Three years after their latest, Coldplay is back and as lively as ever. Mylo Xyloto, the bands 5th studio album, is bursting with an electrifying variance of beats and Chris Martin’s invigorating vocals driving the album. This is Coldplay’s boldest album yet and it was made to be preformed.

What most people will start thinking when they first hear the album is, how does this compare? In the past, Coldplay has stayed fairly consistent, in that Parachutes and A Rush of Blood to the Head were similar, and bled into X&Y and Viva la Vida or Death and All His Friends. This however, is not the case with Mylo Xyloto. After coming off of their darkest album with songs like “Cemeteries of London” and “Yes”, Mylo Xyloto shines a bright light, and accentuates happiness through both its lyrics and rhythm.

Brian Eno, who also helped Coldplay in the creation of Viva La Vida or Death and All His Friends, was also a major part in Mylo Xyloto. He helped out with additional composition and some of the colorful inspiration that protrudes from the new album.

This album is the culmination of over a decade of work from Chris Martin (Lead Vocals), Jonny Buckland (guitarist), Guy Berryman (Bass) and Will Champion (drums). It was creatively constructed so that each song plays off of one another and the albums underlying tale is one of love between Mylo and Xyloto. One second there will be bursting colorful anthems, and the next will be quiet intimate moments with Chris that help progress the narrative.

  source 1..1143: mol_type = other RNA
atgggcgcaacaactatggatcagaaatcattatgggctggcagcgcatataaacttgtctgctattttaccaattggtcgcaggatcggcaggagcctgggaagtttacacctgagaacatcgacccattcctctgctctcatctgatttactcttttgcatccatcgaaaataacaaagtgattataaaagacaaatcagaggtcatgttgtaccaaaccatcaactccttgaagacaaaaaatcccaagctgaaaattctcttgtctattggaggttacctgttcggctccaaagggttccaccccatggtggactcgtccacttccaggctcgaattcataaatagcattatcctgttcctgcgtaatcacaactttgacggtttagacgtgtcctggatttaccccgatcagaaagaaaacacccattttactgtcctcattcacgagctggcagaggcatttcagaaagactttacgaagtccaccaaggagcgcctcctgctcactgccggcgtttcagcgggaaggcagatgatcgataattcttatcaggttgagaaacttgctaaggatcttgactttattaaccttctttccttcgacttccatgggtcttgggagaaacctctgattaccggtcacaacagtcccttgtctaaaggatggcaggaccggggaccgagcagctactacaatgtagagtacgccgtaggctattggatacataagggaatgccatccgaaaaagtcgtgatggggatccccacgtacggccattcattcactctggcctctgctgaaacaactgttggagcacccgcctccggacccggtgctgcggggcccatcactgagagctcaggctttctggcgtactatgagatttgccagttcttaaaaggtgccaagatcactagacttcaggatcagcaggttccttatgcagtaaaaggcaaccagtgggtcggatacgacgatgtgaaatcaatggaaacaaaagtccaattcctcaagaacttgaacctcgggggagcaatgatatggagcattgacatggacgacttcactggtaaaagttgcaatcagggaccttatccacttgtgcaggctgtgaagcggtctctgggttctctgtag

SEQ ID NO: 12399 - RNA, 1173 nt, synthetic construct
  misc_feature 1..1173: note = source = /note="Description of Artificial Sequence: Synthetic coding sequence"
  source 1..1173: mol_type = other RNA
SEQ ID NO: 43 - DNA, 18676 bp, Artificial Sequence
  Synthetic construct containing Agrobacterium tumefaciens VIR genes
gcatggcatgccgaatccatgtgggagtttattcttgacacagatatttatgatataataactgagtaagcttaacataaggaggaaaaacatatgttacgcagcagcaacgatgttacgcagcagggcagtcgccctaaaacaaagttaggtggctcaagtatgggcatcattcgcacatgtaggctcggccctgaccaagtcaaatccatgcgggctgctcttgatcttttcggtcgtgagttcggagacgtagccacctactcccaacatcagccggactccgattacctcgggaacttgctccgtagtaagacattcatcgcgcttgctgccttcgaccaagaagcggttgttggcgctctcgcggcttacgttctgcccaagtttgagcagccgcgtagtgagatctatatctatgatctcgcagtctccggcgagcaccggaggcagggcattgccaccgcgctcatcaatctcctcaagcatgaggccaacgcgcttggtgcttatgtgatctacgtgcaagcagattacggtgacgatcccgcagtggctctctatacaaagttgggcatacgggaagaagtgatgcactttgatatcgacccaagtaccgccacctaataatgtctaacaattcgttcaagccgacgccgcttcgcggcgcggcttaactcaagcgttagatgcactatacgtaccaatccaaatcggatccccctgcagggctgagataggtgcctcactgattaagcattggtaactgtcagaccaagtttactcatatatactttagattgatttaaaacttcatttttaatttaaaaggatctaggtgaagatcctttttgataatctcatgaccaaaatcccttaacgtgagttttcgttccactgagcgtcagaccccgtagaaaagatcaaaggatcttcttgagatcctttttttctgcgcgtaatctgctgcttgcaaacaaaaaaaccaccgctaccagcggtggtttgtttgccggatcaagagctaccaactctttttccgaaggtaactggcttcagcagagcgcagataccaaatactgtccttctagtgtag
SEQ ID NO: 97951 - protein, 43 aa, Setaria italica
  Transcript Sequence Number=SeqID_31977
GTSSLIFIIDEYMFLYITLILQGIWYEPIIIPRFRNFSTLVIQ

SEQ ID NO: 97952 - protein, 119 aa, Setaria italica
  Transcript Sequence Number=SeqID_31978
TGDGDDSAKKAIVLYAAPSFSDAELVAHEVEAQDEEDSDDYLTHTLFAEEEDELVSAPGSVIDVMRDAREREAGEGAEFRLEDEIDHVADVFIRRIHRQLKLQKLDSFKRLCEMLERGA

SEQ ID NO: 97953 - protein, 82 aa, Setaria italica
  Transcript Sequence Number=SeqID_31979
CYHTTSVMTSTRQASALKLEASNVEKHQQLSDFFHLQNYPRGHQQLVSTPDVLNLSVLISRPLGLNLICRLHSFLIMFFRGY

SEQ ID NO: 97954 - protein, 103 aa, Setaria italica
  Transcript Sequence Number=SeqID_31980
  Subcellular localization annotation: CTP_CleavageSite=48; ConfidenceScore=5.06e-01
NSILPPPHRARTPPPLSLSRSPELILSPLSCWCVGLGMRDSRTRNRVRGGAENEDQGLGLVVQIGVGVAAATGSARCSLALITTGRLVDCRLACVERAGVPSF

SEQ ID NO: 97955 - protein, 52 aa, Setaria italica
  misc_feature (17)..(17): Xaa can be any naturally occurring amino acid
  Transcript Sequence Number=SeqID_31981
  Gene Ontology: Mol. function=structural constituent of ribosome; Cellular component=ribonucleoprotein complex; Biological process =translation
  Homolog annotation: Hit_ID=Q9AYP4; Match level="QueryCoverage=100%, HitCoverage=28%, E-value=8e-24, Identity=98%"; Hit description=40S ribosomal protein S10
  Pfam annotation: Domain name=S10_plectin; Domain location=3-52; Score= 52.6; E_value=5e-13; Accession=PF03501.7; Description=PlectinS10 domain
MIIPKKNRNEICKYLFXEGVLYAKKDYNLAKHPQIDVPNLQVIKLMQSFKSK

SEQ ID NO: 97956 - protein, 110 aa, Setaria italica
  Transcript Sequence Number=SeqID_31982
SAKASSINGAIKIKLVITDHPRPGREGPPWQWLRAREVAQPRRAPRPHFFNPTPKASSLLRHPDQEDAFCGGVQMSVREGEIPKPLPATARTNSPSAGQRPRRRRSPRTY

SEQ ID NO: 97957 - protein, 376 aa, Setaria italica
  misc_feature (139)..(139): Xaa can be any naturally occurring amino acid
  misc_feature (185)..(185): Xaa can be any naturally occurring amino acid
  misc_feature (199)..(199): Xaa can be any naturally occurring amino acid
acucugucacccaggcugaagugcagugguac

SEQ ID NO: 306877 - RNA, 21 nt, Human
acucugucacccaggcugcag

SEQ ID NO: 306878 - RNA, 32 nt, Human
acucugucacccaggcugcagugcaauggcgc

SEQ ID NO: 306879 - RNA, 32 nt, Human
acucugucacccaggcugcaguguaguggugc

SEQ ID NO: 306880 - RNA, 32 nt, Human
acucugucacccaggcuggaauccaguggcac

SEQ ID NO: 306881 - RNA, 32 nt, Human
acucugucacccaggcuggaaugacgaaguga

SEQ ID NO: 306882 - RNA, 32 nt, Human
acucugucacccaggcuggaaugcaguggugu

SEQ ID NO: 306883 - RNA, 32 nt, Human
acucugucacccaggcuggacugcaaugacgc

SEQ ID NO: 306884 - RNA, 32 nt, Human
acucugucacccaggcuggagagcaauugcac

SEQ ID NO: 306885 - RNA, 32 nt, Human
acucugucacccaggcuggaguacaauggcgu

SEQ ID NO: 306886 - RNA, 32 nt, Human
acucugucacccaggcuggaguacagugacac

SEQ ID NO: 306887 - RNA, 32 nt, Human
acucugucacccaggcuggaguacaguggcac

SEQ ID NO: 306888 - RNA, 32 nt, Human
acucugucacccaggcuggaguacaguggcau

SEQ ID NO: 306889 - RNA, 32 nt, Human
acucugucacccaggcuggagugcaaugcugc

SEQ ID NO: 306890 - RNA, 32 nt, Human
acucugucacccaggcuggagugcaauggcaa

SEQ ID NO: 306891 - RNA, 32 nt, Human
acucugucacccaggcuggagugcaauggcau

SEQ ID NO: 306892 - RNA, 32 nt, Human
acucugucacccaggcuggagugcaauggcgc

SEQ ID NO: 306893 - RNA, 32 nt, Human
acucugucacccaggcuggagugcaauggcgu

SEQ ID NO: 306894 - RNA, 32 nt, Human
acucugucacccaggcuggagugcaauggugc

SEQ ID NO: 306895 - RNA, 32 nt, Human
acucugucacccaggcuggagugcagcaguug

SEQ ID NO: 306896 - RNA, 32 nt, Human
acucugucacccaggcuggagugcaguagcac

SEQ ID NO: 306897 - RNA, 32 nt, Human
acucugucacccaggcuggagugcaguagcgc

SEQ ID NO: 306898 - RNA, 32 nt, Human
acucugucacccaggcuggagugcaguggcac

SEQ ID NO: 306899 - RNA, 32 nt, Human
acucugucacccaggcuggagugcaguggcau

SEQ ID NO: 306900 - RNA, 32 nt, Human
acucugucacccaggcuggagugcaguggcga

Chris and the band took inspiration from the 70’s while creating their newest songs. In a recent interview with New York Times, Chris Martin said, “I’m still learning it, but I have such great teachers: Mick Jagger, Bruce Springsteen, Bono Vox,” he said. “The key thing I learned from them is to just go be yourself, no matter how ridiculous it looks. It makes the concert so much more fun when you flip that switch and say: ‘I don’t care how I look. This is just what I feel like doing.’ ” That’s exactly what Mylo Xyloto is, a robust, upbeat, inspiring album that leaves the listener feeling humbled.

Coldplay starts out the album with “Mylo Xyloto”, a slow prelude to “Hurts Like Heaven” which sets the tone for the whole album. It’s a very vibrant song that immediately exuberates the direction in which Coldplay took the Mylo Xyloto, being very flamboyant and hopeful. From there “Paradise” and “Charlie Brown” take the reigns, and further exemplify the intoxicating beats that Mylo Xyloto has to offer. Followed by “Us Against the World” and “Every Teardrop is a Waterfall”, these two contrasting songs do the best job of encompassing the album as a whole. “Us Against the World” is a spectacular ballad by Chris Martin; it is very mellow but finishes on a positive note. Then “Every Teardrop is a Waterfall” follows with an instant captivating melody and closes out with a haunting, spine-chilling chorus.

This is the same Coldplay that in 2009 had already sold over 50 million records, not including albums, according to contactmusic.com. This is just another trophy to add to their collection.

Coldplay has a parade of other new songs as well including “Major Minus”, which spawns from Radiohead. It is a heartfelt artsy song that has a daring chorus and very memorable percussion. The last notable song is “Don’t Let It Break Your Heart”. This is an honest down to earth song, which is blissful with a great chorus thanks to Chris Martin’s long drawn soulful high notes. 

All in all, whether a Coldplay fan or not, there is something for everyone to like with Mylo Xyloto. As Chris Martin says in “Up with the Birds”, this album is “a spark in a sea of grey.”

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